Song in my head: Stomp, push, shove, mush, Fuck Bush, until they bring our troops home......Eminem
The Contagion of Fear
The disease's fatal grip on the brain seems to come out of nowhere, afflicting an otherwise healthy person and turning him into an incoherent muddle. In Ulster County in upstate New York, that was how death came to at least two people in the last year. The rare brain malady called Creutzfeldt-Jakob disease caused the death of one resident in November 2003 and of a second this fall. LINK
Father says autopsy showed rare disease was not found in daughter's brain
An autopsy on one of five Ulster County residents believed to have died from the brain disorder Creutzfeldt-Jakob's disease found that the disease was not present in the woman's brain, her father said. Colleen Staccio, 46, died in August at Benedictine Hospital in Kingston after being diagnosed with CJD. But an autopsy report from the National Prion Disease Research Center at Case Western University in Cleveland said the disease was not present in Staccio's brain, according to her father, Don Genther. LINK
Japan and the United States reached an agreement this morning that will allow the export of some American beef. The Japanese halted trade after a case of mad cow disease in Washington state last December, but now they have agreed to do business again.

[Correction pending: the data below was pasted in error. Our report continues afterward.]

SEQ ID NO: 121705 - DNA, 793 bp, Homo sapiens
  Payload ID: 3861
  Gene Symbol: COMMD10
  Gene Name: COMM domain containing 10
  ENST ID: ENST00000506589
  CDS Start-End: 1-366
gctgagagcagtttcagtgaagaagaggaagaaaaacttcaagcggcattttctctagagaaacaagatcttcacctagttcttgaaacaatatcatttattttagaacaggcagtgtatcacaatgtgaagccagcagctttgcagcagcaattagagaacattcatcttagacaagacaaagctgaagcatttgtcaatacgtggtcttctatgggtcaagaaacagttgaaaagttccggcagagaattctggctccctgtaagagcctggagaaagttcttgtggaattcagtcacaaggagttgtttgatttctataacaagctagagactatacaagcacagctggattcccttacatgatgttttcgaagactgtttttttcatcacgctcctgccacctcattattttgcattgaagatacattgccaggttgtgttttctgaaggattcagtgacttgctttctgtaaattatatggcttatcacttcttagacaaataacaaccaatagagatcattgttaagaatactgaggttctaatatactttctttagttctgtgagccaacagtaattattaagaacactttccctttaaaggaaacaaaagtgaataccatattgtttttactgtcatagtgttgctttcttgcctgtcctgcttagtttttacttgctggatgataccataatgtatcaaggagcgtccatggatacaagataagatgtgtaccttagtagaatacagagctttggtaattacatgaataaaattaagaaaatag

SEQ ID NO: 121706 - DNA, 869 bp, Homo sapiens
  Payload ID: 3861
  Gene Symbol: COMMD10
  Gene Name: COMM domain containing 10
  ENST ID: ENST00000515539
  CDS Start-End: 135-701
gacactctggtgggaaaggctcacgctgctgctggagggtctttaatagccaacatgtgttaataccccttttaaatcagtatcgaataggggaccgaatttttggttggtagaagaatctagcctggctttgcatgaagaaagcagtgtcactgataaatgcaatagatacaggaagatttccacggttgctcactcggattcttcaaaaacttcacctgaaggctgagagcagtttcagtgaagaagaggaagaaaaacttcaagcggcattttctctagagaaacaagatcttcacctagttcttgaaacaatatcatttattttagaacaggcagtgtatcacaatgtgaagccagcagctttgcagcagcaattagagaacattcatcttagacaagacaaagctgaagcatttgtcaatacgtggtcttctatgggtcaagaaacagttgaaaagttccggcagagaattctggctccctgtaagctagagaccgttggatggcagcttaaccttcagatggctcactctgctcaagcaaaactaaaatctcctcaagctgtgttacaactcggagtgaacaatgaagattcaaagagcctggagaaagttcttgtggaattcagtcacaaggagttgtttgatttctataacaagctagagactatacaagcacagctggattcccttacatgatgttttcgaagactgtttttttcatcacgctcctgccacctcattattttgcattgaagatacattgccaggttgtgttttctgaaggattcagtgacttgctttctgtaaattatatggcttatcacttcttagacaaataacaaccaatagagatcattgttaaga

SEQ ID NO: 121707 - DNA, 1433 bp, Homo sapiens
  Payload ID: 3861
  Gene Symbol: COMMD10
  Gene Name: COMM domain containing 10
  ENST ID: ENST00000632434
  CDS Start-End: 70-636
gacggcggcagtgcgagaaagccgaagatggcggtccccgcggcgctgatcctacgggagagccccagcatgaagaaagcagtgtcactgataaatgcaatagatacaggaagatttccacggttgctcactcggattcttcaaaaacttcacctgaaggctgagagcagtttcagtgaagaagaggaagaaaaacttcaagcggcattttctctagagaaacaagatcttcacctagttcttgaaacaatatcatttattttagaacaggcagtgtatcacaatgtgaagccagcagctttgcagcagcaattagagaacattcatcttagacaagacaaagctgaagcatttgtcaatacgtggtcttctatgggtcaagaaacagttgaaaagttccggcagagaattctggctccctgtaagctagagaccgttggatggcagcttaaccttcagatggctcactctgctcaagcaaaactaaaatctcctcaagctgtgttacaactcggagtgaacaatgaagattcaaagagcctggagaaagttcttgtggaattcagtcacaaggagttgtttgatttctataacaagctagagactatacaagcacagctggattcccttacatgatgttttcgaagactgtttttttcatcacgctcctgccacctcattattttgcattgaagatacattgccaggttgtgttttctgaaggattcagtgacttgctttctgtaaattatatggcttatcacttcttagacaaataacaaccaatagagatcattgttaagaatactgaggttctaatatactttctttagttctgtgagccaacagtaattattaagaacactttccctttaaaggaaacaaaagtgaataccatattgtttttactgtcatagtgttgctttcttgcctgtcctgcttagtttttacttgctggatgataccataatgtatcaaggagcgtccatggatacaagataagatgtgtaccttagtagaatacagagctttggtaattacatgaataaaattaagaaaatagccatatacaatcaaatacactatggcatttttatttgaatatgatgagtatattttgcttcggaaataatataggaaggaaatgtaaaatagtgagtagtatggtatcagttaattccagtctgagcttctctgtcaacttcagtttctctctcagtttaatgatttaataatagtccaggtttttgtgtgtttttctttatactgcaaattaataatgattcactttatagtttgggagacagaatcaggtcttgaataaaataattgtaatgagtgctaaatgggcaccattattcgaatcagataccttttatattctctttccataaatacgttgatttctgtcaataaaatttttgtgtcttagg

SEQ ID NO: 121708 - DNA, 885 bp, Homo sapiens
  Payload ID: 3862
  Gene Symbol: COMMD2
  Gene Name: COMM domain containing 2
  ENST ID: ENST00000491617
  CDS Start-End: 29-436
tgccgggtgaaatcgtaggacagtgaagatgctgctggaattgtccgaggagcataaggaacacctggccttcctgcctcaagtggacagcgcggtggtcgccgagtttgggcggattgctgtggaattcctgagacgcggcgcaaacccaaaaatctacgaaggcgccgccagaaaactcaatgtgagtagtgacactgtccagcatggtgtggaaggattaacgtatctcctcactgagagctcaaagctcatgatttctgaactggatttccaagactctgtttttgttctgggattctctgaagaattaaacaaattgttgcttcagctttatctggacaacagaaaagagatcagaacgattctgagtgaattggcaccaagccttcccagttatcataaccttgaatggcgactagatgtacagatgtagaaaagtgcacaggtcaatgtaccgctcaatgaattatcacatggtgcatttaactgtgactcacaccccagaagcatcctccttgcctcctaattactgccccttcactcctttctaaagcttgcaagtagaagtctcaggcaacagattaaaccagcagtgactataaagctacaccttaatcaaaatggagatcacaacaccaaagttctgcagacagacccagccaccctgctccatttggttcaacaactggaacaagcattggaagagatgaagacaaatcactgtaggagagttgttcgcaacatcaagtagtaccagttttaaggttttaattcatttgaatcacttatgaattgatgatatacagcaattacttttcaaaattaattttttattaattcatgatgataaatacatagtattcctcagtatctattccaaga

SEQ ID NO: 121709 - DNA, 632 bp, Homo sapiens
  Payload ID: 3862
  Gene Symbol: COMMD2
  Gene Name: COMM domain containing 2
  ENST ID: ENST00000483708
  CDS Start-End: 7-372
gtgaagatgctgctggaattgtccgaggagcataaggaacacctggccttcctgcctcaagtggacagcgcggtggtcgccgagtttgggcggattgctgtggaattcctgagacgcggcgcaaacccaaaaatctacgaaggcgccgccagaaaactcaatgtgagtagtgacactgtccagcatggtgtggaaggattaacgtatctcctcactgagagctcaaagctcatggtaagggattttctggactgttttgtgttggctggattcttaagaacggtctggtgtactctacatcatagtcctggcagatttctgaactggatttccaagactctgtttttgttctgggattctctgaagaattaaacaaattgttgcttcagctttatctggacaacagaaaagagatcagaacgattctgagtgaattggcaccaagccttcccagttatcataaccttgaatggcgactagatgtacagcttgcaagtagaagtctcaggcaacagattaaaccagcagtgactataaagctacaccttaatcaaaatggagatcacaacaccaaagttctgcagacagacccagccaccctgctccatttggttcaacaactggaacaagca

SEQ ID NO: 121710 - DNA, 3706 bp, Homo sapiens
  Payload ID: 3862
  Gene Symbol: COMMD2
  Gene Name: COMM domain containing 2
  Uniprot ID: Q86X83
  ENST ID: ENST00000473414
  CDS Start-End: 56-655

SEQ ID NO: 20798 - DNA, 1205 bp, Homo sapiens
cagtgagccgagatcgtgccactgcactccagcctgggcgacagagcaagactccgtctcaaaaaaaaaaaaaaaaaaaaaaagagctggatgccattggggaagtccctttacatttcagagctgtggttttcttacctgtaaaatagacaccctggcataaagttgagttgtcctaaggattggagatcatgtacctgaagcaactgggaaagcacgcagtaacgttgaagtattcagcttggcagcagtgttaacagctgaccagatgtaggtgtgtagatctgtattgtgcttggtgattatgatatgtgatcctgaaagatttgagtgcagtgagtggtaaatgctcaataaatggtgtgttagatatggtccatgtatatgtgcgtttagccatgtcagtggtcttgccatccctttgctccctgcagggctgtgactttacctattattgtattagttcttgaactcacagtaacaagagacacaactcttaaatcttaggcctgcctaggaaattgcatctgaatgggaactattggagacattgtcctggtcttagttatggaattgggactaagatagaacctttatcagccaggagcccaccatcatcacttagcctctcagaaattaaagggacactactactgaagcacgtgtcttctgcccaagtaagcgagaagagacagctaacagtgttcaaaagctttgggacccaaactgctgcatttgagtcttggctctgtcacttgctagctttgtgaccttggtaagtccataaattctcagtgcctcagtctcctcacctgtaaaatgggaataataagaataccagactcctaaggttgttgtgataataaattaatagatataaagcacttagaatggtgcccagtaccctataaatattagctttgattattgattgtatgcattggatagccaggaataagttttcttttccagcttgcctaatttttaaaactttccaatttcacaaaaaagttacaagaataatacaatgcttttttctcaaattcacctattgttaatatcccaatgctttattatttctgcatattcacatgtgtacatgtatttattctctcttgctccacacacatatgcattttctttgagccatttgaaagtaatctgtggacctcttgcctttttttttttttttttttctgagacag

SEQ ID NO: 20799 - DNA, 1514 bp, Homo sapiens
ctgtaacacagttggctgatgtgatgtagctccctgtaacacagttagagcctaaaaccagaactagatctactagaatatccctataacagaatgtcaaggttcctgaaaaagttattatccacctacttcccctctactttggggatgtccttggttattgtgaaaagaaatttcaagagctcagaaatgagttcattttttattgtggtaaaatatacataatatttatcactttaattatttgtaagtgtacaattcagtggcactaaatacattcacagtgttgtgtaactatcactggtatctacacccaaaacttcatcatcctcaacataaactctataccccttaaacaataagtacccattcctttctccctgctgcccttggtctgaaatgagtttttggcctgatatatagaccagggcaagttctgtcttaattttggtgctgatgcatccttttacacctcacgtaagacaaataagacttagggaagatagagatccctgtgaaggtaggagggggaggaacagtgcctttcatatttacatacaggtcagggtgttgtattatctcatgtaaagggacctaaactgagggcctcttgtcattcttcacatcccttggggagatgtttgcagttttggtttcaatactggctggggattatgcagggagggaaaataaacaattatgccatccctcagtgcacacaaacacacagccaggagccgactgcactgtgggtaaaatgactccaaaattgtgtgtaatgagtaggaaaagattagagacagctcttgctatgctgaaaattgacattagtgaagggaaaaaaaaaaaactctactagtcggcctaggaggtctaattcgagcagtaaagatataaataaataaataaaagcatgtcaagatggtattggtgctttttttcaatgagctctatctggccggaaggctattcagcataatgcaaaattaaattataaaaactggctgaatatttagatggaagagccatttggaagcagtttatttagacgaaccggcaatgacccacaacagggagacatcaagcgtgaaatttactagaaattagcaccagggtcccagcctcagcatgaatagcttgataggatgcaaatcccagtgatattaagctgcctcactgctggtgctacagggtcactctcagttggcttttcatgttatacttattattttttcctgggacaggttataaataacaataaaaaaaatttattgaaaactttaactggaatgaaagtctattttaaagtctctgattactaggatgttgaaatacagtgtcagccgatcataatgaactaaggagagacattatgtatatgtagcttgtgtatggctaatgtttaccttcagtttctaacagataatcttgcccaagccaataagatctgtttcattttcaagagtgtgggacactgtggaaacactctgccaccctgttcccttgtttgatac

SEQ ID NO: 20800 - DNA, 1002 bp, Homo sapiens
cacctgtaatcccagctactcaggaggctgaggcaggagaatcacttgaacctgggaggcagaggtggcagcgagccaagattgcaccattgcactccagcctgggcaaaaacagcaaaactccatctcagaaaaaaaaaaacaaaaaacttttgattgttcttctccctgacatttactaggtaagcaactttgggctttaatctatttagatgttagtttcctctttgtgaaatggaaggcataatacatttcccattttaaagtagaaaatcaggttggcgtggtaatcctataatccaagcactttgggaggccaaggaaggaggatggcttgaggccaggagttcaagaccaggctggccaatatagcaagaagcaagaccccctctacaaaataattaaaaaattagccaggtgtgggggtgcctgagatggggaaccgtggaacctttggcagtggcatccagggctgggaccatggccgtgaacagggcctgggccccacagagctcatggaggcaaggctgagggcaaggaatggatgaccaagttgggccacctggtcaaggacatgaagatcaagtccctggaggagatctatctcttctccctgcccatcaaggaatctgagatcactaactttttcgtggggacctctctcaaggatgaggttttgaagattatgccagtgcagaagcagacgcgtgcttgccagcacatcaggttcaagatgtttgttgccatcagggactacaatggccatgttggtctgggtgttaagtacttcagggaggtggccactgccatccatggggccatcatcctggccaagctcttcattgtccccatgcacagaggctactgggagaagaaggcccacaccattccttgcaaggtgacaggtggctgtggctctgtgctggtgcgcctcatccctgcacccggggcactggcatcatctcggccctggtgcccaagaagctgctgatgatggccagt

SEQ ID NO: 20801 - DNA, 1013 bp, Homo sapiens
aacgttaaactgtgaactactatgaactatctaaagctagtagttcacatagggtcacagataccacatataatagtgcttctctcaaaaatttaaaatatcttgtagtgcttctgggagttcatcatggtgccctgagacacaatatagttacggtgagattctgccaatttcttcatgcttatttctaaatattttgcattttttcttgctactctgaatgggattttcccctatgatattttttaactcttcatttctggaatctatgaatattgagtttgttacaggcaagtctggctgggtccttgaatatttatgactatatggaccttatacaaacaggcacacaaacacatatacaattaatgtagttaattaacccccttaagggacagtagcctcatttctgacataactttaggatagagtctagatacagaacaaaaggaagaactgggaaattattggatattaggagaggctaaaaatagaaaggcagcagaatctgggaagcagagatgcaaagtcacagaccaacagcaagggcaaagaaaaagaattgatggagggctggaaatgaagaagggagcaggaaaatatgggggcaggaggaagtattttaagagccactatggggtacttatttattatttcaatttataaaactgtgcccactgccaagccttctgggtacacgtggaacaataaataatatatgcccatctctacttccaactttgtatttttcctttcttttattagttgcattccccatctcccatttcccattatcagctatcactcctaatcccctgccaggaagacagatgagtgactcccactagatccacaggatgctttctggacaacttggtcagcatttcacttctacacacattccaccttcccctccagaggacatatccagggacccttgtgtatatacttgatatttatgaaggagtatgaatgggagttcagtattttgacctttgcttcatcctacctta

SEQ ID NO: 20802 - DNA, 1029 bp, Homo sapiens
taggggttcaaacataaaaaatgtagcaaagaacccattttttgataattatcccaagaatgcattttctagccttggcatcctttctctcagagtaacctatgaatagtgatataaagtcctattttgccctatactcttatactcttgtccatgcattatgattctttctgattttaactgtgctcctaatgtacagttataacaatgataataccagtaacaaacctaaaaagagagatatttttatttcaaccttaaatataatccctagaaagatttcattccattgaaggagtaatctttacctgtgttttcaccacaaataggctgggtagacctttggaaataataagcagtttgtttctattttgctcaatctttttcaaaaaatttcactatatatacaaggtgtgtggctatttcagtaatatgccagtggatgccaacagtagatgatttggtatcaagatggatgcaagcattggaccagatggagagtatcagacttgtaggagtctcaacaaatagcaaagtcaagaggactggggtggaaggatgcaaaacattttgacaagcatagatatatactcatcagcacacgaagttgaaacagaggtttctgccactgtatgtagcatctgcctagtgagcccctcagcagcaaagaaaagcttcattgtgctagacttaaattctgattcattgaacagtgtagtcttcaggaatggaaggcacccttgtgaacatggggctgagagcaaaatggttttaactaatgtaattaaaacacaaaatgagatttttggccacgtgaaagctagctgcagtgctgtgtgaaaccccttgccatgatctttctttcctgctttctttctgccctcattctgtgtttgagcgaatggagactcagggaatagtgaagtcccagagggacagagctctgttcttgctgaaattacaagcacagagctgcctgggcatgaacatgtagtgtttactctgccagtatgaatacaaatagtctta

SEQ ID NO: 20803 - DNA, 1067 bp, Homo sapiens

Before the ban, Japan was a top market for U.S. Beef, buying about 1.4 billion dollars a year. The president of the South Dakota Farm Bureau, Scott VanderWal, said today's agreement is a great business boost for area ranchers. "We have some of the best beef in the U.S. Right here in the upper midwest, South Dakota, North Dakota, Montana area," he said. "And to be able to export that to Japan is certainly a good thing. Despite the good news, the U.S. still has some work to do. Japan plans to place a number of restrictions on the new trade. They include new mad cow test policies, revised domestic rules and regulations and age restrictions. VanderWal said the changes should not have a huge impact.
France said on Thursday it was tracing 10 people who had received blood transfusion from a person now diagnosed with the fatal, human form of mad-cow disease.
The individual is the eighth French person to be diagnosed with variant Creutzfeldt-Jakob disease (vCJD), the health ministry said in a press release. LINK